FEMA Publishes NIMS 3.0

FEMA Publishes NIMS 3.0

On October 17th, the Federal Emergency Management Agency (FEMA) published National Incident Management System (NIMS), Third Edition. Released fifteen months after the public draft, NIMS 3.0 is the first update of the Nation's incident management system since March of 2008. And at 132 pages it weighs in nearly 40 pages lighter than NIMS 2.0, making it more efficient, nimble. Right?

"Other than cutting 40 pages of fluff, is NIMS 3.0 different?" you ask. Why yes it is. "Is it better?" you chomp back." Well, it depends on what you mean by "better." You see, to understand why NIMS 3.0 is what it is, you must know how it grew up; you've got to meet the parents.

NIMS 1.0, 2.0 & 3.0 Covers Image

So, before diving into NIMS 3.0, let's take a brief look at the life of NIMS.

"The attacks on New York’s World Trade Center and the Pentagon were also the catalyst for major changes in legislation and policy that affected how the Federal Government would be organized to prevent subsequent attacks and respond to disasters. The changes led to the creation of the Department of Homeland Security (DHS).

When DHS was created in 2003, it integrated FEMA and 21 other legacy organizations. Although FEMA’s name remained intact, the Agency’s functions were transferred to the new DHS’s Directorate of Emergency Preparedness and Response. In 2005, four FEMA programs were assigned to the new DHS Office of State and Local Government Coordination and Preparedness: Emergency Management Performance Grants, Citizen Corps, Metropolitan Medical Response System, and Assistance to Firefighter Grants.

In the aftermath of the September 11th attacks, the focus throughout the Federal Government was on terrorism preparedness, prevention, protection, and response. Shortly after DHS was formed in 2003, most of FEMA’s preparedness programs were moved from FEMA and consolidated with other counterterrorism activities in a separate DHS Emergency Preparedness and Response Directorate. The rationale was that this would free FEMA to focus on disaster response, recovery, and, to some extent, on natural hazards.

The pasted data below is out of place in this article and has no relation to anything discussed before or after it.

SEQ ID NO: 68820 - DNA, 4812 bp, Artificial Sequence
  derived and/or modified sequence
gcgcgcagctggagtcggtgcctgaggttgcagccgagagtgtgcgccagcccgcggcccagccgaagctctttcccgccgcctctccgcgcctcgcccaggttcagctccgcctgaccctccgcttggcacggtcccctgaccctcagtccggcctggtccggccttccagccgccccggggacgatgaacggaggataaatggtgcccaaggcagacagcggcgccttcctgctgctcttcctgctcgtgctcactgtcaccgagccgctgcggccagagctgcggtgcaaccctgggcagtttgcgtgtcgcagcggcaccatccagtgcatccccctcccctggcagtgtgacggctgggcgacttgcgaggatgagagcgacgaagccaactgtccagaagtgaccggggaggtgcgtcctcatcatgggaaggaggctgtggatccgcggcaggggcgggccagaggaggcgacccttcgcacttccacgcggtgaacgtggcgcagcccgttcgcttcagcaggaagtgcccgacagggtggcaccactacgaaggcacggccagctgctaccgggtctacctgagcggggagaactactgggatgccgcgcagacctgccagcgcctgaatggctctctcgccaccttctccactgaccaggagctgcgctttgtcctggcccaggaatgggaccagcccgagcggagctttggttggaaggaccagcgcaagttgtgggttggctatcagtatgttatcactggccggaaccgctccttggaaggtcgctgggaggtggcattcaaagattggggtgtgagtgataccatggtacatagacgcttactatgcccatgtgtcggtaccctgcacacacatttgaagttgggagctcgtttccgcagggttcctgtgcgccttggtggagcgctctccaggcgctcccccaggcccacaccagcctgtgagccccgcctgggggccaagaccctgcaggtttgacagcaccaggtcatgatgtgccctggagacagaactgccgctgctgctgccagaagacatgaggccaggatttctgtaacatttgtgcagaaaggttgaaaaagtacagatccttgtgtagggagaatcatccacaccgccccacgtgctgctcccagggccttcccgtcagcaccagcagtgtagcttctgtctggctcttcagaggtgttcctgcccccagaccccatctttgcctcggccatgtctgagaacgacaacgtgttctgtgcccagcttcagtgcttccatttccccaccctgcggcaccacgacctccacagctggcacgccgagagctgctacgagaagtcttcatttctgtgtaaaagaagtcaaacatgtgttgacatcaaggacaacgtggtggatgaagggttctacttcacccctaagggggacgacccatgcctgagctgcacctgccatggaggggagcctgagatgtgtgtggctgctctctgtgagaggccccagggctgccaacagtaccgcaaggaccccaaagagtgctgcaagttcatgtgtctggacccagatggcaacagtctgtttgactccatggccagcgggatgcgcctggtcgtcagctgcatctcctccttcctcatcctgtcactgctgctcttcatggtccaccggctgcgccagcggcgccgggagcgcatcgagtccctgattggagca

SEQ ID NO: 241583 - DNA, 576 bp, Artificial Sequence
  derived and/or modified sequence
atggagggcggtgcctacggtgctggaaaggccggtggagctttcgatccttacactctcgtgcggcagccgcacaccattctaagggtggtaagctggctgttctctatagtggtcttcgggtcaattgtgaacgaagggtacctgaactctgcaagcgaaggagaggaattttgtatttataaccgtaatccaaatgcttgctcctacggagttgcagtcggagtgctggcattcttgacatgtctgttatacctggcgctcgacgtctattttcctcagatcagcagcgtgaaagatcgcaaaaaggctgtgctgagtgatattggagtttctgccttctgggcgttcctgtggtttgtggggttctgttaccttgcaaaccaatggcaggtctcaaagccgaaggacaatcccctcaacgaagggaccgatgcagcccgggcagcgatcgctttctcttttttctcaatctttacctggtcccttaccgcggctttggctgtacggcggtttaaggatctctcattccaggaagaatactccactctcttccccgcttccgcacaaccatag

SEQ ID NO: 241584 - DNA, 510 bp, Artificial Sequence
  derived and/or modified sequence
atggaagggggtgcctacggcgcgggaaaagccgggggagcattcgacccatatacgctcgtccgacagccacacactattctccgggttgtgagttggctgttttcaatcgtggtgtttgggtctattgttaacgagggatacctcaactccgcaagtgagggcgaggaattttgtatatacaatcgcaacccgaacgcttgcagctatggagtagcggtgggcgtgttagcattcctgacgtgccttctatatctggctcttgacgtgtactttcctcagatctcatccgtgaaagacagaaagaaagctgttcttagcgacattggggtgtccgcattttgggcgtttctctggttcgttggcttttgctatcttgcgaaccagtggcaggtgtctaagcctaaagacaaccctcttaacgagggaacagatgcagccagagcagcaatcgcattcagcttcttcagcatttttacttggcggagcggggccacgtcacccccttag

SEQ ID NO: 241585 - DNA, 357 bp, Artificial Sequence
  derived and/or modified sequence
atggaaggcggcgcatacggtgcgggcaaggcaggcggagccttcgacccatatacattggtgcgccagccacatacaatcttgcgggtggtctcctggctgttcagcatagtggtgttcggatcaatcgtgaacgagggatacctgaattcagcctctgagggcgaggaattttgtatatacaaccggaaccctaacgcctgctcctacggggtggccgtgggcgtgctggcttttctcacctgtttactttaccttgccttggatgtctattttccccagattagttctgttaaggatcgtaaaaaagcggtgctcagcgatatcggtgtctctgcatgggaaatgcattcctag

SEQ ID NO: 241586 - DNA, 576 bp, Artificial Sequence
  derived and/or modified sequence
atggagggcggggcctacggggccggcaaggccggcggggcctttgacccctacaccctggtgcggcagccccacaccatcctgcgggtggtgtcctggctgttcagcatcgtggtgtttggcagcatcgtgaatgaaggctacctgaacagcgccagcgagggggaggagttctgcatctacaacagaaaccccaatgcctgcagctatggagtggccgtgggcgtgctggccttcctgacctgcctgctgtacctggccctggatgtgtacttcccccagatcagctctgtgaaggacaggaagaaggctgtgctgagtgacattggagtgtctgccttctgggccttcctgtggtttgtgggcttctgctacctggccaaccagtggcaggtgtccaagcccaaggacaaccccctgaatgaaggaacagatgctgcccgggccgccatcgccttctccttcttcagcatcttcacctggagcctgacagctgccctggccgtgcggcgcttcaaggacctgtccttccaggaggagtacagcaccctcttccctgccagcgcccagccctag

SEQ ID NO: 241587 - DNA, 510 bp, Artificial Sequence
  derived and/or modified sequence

Although FEMA reflected these new priorities, the Agency continued to respond to a series of significant natural disasters, including the historic hurricane seasons of 2004 and 2005."

FEMA Publication 1, 2016

Why start with this quote when I'm writing about NIMS? Well, It's important to recognize that many of our challenges with NIMS today have their roots in the environment surrounding its development in 2002 and 2003. America was attacked on its soil and was at 'war' domestically and abroad.

The Department of Homeland Security (DHS) was a new behemoth agency with a rudder locked on a compass heading (some argue it had no compass) consistent with that mindset. Emergency management was an afterthought. It was all about law enforcement focused 'homeland security.

To be blunt, FEMA, which was responsible for writing NIMS 1.0, was a shell of its former self, a castrated agency living in a basement closet at DHS. FEMA had lost its mojo, its soul, its compass. And NIMS 1.0 reflected it.

Before breaking down NIMS 1.0, let's get a sense of why it was and continues to be needed.


Before NIMS, the Nation had no overarching incident management system. Each state, jurisdictions within states and agencies within jurisdictions did their own thing.

Makes sense, right? States have rights, and when it comes to emergency management, the Constitution does not give the federal government authority over them, right? All disasters start local, right? And they stay local, rrrriight? Uhhh..., maybe not.